The median salary of $65,000+, and expected 19.4 percent growth rate, are impressive -- but what really stands out is the extremely low unemployment rate of just 2.6 percent.
Becoming a registered nurse requires an associate degree, a bachelor’s degree, or a diploma from an approved nursing program according to the BLS.
7. Physical Therapist
If you see yourself helping others with strength or mobility following injury or illness, you might be interested in becoming a physical therapist. The number seven job for 2014 commands an impressive median salary of almost $80,000 per year and, U.S, News said, has an unemployment rate of 0.2 percent.
Employment for physical therapists is expected to grow in impressive 36 percent between 2012 and 2022, according to the BLS. A Doctor of Physical Therapy degree is required. That degree typically takes three years to complete and is in addition to a bachelor’s degree and residency, if selected.
From both a salary and responsibility perspective, physicians sit atop the health care pyramid. Following extensive training that takes a minimum of eight years plus residency, physicians may choose to open their own practice or work in a hospital or other setting.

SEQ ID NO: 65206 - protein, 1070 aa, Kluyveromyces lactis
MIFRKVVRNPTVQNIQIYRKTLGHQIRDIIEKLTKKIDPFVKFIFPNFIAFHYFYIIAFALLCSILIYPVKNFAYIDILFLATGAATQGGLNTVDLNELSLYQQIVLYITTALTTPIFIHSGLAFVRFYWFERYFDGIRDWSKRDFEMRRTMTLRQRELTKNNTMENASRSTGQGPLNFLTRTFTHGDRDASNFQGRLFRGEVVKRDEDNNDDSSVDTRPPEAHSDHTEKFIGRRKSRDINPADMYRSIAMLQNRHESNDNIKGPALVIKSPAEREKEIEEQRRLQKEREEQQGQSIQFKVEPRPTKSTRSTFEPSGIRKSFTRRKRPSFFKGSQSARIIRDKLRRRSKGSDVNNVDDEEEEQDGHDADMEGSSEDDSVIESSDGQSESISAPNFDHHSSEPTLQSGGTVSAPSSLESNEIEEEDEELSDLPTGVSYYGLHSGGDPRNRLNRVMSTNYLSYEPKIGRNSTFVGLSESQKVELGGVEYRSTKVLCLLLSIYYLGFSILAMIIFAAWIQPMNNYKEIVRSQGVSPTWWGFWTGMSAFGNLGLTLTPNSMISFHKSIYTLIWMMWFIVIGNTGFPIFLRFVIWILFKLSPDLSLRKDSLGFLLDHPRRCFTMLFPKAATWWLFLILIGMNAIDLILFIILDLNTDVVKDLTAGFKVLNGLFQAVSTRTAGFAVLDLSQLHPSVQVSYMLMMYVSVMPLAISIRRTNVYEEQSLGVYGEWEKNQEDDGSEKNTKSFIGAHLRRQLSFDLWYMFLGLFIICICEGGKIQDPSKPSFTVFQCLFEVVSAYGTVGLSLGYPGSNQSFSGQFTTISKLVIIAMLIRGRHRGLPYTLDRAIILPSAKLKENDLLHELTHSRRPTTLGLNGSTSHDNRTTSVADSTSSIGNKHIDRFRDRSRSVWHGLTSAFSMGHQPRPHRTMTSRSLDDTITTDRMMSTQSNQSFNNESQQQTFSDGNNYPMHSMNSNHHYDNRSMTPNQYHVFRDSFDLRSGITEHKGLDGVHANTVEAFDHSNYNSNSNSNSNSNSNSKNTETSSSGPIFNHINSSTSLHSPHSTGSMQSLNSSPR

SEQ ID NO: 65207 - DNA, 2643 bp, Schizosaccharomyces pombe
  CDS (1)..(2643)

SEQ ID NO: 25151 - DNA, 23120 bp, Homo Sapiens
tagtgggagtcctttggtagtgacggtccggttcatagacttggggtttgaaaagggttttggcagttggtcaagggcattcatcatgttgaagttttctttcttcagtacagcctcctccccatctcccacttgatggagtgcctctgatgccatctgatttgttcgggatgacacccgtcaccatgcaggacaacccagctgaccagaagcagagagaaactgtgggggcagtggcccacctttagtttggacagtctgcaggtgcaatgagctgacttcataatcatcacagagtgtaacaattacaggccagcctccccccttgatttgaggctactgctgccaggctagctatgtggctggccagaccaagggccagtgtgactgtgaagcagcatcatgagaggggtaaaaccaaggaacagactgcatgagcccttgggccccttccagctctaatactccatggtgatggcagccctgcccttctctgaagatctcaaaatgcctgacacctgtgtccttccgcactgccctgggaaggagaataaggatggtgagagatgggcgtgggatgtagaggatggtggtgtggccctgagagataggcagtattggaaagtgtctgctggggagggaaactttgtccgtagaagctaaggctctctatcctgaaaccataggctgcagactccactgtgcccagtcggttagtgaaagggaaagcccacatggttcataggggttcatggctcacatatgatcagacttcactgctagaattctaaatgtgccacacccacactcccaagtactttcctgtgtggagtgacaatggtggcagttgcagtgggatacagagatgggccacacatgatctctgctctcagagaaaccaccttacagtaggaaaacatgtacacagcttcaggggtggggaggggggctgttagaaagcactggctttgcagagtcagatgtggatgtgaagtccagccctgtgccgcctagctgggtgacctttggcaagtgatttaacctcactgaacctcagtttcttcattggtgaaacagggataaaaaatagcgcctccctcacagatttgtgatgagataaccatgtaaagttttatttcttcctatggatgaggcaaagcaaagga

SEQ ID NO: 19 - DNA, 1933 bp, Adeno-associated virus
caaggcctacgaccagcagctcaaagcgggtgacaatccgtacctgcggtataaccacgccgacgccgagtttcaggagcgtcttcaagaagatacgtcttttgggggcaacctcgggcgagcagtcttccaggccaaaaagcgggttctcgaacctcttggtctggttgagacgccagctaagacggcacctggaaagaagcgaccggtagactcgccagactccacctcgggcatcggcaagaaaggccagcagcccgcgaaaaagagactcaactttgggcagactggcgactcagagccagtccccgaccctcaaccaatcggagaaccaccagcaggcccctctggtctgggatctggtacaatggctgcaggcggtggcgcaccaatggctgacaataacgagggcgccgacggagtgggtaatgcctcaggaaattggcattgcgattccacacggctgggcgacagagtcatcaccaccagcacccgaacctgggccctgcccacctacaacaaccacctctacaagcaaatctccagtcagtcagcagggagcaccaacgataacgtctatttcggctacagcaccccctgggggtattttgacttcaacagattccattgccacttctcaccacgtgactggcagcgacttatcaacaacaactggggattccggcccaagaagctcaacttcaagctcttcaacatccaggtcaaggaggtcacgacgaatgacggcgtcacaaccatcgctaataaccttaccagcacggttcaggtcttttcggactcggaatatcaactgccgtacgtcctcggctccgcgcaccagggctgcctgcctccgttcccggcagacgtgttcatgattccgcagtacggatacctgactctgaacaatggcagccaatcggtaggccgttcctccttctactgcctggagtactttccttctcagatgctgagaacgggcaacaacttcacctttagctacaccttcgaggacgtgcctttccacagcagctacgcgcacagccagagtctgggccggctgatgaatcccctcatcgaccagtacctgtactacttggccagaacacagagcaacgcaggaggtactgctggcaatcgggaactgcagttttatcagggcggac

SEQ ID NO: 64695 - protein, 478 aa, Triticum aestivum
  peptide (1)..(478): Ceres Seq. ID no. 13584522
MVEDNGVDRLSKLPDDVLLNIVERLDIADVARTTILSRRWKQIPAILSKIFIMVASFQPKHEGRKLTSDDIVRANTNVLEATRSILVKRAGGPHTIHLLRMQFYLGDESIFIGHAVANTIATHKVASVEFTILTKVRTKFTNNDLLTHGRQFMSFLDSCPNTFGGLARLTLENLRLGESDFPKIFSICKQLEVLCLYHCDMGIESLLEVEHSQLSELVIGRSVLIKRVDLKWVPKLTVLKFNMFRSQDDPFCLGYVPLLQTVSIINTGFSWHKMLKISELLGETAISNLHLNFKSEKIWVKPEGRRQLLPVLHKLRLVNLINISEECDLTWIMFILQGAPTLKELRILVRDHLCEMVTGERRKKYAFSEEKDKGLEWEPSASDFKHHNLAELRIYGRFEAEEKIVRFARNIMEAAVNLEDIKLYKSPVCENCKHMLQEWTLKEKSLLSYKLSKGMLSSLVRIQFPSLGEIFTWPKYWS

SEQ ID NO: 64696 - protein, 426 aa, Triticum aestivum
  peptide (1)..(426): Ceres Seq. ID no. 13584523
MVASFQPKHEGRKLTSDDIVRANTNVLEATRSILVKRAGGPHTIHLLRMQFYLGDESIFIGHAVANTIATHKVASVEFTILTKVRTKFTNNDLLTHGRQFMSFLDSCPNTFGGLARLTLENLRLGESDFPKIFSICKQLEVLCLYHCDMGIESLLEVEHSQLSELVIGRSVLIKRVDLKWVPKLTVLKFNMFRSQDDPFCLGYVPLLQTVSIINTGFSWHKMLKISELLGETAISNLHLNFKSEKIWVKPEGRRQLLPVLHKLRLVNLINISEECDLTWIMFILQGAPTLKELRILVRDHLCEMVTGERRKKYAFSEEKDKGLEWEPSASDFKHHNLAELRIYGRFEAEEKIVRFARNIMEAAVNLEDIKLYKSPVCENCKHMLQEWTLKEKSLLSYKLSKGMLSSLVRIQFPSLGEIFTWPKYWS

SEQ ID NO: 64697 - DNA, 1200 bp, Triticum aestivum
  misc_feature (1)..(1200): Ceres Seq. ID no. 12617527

Median salary is more than $187,000. The BLS said 123,300 new jobs for doctors would open up between 2012 and 2022. Unemployment is virtually non-existent and, given an aging baby boomer population, is not likely to increase any time soon.
9. Web Developer
The number nine job for 2014 represents a total departure from the several health care-related positions that populate the list. The median salary of $62,500 is reasonable and for anyone who enjoys creating sleek-looking html code, versus taking temperatures, web developer might be an attractive option.
Witha faster-than-average job growth of 20 percent expected through 2022, and a minimum educational requirement of a two-year associate degree, the return-on-investment makes this job one worth considering for anyone who doesn’t have several years to invest in education.
10. Dental Hygienist
The number 10 job for 2014 represents a return to health care. Dental hygienists work with dentists and provide services such as cleaning teeth and helping patients with developing good oral hygiene.
An annual salary of almost $71,000 can be lessened slightly if you end up working only part-time; a position in which many hygienists find themselves. Expected employment growth of more than 33 percent makes this a desirable field.
Although an associate degree is the minimum requirement, many hygienists pursue a bachelor’s or even master’s degree, in an attempt to gain better and higher-paying job skills.
All the Rest
If nothing in the top 10 jobs for 2014 interests you, don’t despair. There’s plenty more where that came from in the rest of the US News Top 100 Jobs for 2014. That includes everything from number 11, Information Security Analyst, to number 63, Financial Analyst, to number 97, Mental Health Counselor, ending at 100 Painter (walls and houses, not works of art).
Finally, it’s important to remember that choosing the best job involves much more than salary or growth potential, and the US News ratings take a number of those things into account.